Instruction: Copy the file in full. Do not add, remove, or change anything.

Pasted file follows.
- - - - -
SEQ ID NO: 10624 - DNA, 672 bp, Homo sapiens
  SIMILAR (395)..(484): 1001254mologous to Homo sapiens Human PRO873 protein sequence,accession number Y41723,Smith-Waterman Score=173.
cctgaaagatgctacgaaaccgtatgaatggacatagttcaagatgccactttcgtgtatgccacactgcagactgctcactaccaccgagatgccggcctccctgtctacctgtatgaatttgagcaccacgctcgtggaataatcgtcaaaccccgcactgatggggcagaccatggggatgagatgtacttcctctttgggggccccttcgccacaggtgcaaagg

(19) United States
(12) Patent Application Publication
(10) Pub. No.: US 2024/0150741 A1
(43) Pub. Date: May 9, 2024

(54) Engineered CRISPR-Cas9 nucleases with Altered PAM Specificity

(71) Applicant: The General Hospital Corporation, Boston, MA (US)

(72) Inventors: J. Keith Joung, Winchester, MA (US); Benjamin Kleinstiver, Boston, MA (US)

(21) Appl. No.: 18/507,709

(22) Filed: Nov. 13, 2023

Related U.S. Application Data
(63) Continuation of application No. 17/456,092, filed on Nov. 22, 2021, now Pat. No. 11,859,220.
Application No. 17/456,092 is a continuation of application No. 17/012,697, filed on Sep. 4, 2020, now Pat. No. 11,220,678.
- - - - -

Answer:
SEQ ID NO: 10624 - DNA, 672 bp, Homo sapiens
  SIMILAR (395)..(484): 1001254mologous to Homo sapiens Human PRO873 protein sequence,accession number Y41723,Smith-Waterman Score=173.
cctgaaagatgctacgaaaccgtatgaatggacatagttcaagatgccactttcgtgtatgccacactgcagactgctcactaccaccgagatgccggcctccctgtctacctgtatgaatttgagcaccacgctcgtggaataatcgtcaaaccccgcactgatggggcagaccatggggatgagatgtacttcctctttgggggccccttcgccacaggtgcaaagg

(19) United States
(12) Patent Application Publication
(10) Pub. No.: US 2024/0150741 A1
(43) Pub. Date: May 9, 2024

(54) Engineered CRISPR-Cas9 nucleases with Altered PAM Specificity

(71) Applicant: The General Hospital Corporation, Boston, MA (US)

(72) Inventors: J. Keith Joung, Winchester, MA (US); Benjamin Kleinstiver, Boston, MA (US)

(21) Appl. No.: 18/507,709

(22) Filed: Nov. 13, 2023

Related U.S. Application Data
(63) Continuation of application No. 17/456,092, filed on Nov. 22, 2021, now Pat. No. 11,859,220.
Application No. 17/456,092 is a continuation of application No. 17/012,697, filed on Sep. 4, 2020, now Pat. No. 11,220,678.